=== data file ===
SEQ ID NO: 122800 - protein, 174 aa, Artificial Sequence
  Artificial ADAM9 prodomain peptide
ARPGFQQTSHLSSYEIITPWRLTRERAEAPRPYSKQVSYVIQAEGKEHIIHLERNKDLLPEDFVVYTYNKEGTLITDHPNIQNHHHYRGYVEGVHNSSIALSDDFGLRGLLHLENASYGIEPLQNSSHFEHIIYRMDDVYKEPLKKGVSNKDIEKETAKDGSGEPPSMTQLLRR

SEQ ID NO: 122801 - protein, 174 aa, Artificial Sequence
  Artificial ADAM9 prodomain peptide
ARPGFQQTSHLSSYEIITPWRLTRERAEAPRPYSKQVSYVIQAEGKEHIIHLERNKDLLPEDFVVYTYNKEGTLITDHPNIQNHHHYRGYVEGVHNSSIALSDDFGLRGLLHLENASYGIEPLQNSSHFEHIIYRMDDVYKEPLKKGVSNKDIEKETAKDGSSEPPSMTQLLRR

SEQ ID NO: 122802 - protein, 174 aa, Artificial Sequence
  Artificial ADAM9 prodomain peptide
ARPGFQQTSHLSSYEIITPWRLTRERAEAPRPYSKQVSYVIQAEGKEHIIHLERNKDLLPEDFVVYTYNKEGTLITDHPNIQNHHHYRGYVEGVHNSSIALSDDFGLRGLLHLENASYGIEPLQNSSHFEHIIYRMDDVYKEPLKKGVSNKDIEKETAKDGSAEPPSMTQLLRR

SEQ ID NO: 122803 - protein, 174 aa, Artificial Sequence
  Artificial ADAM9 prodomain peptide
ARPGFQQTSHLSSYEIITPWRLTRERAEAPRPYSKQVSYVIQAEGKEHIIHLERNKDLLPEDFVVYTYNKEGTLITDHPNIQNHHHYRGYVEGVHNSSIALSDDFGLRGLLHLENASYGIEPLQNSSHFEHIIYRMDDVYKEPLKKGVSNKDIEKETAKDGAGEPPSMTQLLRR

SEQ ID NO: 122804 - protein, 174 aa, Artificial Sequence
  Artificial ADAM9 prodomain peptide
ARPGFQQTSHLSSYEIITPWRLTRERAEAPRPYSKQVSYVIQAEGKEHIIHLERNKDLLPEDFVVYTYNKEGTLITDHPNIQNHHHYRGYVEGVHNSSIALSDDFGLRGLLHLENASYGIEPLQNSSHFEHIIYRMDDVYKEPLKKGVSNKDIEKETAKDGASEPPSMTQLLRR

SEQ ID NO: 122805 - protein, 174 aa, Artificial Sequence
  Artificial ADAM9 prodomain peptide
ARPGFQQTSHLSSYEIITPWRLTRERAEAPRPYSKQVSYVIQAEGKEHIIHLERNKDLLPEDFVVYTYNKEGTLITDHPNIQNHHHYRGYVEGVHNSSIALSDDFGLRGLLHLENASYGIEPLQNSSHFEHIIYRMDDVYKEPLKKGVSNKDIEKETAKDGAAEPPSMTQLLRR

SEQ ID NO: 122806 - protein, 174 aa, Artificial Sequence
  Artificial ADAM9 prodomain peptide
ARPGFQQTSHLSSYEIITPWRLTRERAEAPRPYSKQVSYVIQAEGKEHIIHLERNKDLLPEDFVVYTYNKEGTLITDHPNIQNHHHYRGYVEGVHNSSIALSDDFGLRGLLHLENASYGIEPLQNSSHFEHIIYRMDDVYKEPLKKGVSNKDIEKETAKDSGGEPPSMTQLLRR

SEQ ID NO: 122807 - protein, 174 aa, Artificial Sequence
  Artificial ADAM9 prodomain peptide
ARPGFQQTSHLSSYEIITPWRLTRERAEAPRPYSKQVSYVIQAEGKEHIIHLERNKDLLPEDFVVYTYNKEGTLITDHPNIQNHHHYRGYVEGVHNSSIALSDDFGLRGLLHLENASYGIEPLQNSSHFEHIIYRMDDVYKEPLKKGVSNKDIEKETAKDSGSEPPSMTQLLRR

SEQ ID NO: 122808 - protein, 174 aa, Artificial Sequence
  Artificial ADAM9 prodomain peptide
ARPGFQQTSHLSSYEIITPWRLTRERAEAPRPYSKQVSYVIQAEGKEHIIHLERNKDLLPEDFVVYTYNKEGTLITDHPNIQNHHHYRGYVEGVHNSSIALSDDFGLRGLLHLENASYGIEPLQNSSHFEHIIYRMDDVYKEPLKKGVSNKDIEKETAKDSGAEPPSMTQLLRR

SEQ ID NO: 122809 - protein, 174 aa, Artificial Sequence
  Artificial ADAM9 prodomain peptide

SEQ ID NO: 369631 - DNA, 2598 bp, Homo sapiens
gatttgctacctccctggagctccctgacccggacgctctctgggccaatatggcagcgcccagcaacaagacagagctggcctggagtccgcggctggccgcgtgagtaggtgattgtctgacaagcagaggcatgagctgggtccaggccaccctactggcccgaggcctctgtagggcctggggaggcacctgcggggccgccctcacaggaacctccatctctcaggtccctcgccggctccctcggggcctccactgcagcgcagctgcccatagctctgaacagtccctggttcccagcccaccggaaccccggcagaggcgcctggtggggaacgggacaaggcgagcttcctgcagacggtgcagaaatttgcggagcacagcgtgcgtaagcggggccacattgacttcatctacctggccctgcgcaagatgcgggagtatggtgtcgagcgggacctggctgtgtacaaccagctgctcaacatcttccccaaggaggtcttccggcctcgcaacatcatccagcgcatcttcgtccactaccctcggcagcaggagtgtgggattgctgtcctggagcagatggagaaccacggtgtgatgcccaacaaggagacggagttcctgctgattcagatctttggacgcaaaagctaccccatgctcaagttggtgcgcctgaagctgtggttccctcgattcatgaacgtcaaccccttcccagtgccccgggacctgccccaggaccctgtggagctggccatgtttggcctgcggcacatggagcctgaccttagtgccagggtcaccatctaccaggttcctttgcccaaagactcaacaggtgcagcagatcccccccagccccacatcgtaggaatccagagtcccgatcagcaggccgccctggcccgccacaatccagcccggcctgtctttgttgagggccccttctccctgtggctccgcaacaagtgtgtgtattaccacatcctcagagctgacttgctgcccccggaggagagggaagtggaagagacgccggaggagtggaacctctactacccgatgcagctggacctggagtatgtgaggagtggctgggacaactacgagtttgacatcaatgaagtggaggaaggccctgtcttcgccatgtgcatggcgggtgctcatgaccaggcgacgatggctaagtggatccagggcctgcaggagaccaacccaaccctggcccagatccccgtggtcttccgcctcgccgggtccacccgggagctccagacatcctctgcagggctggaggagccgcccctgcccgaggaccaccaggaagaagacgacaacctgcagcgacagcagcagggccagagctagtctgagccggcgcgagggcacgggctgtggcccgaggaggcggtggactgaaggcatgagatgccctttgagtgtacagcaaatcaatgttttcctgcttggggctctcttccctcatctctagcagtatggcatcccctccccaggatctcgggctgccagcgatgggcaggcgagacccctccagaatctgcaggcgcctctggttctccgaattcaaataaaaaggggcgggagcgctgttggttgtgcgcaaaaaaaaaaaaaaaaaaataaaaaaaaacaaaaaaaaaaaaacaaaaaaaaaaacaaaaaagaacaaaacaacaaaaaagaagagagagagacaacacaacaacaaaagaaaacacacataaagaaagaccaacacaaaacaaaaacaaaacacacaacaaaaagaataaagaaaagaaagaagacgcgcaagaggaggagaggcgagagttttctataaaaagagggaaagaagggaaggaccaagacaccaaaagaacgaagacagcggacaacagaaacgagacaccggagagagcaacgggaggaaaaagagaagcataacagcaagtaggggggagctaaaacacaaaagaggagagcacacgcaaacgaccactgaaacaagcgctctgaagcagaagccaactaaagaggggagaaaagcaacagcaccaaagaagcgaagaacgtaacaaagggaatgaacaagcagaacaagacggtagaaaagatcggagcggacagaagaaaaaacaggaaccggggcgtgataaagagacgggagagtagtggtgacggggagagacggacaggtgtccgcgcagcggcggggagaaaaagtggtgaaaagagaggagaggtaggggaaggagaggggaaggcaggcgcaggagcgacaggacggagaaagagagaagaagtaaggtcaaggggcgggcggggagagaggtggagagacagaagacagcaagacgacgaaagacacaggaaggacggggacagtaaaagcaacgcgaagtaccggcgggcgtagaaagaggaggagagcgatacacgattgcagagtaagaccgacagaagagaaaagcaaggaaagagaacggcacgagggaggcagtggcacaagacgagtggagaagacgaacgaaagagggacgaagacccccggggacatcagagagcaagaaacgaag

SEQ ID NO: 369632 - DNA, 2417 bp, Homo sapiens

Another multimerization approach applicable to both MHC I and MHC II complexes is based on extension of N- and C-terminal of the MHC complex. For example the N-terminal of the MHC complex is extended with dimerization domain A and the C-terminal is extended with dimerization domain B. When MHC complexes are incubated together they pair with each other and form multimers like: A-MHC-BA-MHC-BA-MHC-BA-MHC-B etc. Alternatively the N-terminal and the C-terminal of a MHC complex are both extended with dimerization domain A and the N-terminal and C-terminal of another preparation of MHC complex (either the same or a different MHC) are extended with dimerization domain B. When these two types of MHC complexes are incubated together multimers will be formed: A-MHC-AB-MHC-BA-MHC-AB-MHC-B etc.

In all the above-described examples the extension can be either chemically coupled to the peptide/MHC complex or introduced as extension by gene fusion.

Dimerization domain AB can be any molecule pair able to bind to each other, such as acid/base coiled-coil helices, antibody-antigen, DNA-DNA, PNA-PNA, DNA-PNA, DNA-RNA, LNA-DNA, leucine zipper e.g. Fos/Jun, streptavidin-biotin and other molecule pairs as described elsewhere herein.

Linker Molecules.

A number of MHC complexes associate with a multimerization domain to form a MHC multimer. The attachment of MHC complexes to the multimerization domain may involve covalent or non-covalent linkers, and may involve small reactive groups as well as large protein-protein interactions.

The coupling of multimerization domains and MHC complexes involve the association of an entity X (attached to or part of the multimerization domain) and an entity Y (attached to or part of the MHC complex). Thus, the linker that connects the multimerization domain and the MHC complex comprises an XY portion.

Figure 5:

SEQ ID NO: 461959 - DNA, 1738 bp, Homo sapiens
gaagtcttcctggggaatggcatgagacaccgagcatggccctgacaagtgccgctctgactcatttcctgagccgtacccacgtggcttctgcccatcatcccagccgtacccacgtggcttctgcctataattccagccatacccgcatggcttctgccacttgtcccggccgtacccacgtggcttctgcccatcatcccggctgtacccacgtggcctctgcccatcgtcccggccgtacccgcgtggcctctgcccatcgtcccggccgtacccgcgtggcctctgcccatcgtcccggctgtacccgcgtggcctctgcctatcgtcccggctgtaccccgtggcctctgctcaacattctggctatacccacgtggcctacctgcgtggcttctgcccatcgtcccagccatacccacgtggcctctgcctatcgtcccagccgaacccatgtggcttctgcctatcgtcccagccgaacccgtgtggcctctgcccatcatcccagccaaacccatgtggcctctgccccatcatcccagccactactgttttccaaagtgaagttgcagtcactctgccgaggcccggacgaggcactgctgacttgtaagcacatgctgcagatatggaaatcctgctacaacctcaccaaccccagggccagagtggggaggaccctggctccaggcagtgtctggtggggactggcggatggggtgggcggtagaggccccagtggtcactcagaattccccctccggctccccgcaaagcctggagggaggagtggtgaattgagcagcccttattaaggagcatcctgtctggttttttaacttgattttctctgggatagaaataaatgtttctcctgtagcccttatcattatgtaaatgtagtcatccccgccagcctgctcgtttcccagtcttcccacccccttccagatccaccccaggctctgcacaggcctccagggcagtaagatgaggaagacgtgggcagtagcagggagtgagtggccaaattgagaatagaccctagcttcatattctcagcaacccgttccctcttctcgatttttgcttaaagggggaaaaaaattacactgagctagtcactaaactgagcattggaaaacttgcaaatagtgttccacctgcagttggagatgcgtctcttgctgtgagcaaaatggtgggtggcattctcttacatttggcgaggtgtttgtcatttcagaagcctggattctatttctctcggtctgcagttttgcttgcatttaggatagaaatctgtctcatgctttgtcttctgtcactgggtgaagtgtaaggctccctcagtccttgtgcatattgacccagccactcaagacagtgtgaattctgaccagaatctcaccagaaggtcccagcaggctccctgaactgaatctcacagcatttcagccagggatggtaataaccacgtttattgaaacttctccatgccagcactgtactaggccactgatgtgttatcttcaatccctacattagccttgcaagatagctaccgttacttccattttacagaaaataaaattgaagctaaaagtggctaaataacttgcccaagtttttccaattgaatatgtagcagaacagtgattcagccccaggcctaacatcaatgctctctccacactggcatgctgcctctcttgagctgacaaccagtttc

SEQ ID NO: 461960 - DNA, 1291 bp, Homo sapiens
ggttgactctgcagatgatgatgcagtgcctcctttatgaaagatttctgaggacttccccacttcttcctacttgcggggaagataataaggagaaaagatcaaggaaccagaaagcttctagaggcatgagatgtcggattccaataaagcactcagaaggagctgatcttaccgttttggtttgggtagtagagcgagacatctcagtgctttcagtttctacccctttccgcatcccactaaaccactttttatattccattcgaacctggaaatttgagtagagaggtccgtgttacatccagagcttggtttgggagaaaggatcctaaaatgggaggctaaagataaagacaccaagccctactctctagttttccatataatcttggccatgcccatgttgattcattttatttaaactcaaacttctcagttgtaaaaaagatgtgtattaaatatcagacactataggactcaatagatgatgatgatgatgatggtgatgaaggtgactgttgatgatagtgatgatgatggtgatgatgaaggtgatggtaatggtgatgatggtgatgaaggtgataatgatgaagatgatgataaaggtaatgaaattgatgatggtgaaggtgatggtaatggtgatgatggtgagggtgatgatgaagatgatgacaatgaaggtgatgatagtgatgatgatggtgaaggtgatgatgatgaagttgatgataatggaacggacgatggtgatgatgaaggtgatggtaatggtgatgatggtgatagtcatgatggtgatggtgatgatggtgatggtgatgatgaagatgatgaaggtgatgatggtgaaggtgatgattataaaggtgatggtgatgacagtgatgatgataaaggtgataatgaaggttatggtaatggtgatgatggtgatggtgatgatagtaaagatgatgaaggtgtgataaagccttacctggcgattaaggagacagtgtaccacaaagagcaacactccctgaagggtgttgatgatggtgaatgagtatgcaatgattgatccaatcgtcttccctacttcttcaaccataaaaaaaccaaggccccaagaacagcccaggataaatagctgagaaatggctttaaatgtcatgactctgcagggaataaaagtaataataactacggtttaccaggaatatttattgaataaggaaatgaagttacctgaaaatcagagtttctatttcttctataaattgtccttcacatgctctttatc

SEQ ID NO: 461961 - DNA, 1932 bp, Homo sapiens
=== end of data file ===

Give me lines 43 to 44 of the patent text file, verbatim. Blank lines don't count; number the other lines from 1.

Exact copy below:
ggttgactctgcagatgatgatgcagtgcctcctttatgaaagatttctgaggacttccccacttcttcctacttgcggggaagataataaggagaaaagatcaaggaaccagaaagcttctagaggcatgagatgtcggattccaataaagcactcagaaggagctgatcttaccgttttggtttgggtagtagagcgagacatctcagtgctttcagtttctacccctttccgcatcccactaaaccactttttatattccattcgaacctggaaatttgagtagagaggtccgtgttacatccagagcttggtttgggagaaaggatcctaaaatgggaggctaaagataaagacaccaagccctactctctagttttccatataatcttggccatgcccatgttgattcattttatttaaactcaaacttctcagttgtaaaaaagatgtgtattaaatatcagacactataggactcaatagatgatgatgatgatgatggtgatgaaggtgactgttgatgatagtgatgatgatggtgatgatgaaggtgatggtaatggtgatgatggtgatgaaggtgataatgatgaagatgatgataaaggtaatgaaattgatgatggtgaaggtgatggtaatggtgatgatggtgagggtgatgatgaagatgatgacaatgaaggtgatgatagtgatgatgatggtgaaggtgatgatgatgaagttgatgataatggaacggacgatggtgatgatgaaggtgatggtaatggtgatgatggtgatagtcatgatggtgatggtgatgatggtgatggtgatgatgaagatgatgaaggtgatgatggtgaaggtgatgattataaaggtgatggtgatgacagtgatgatgataaaggtgataatgaaggttatggtaatggtgatgatggtgatggtgatgatagtaaagatgatgaaggtgtgataaagccttacctggcgattaaggagacagtgtaccacaaagagcaacactccctgaagggtgttgatgatggtgaatgagtatgcaatgattgatccaatcgtcttccctacttcttcaaccataaaaaaaccaaggccccaagaacagcccaggataaatagctgagaaatggctttaaatgtcatgactctgcagggaataaaagtaataataactacggtttaccaggaatatttattgaataaggaaatgaagttacctgaaaatcagagtttctatttcttctataaattgtccttcacatgctctttatc

SEQ ID NO: 461961 - DNA, 1932 bp, Homo sapiens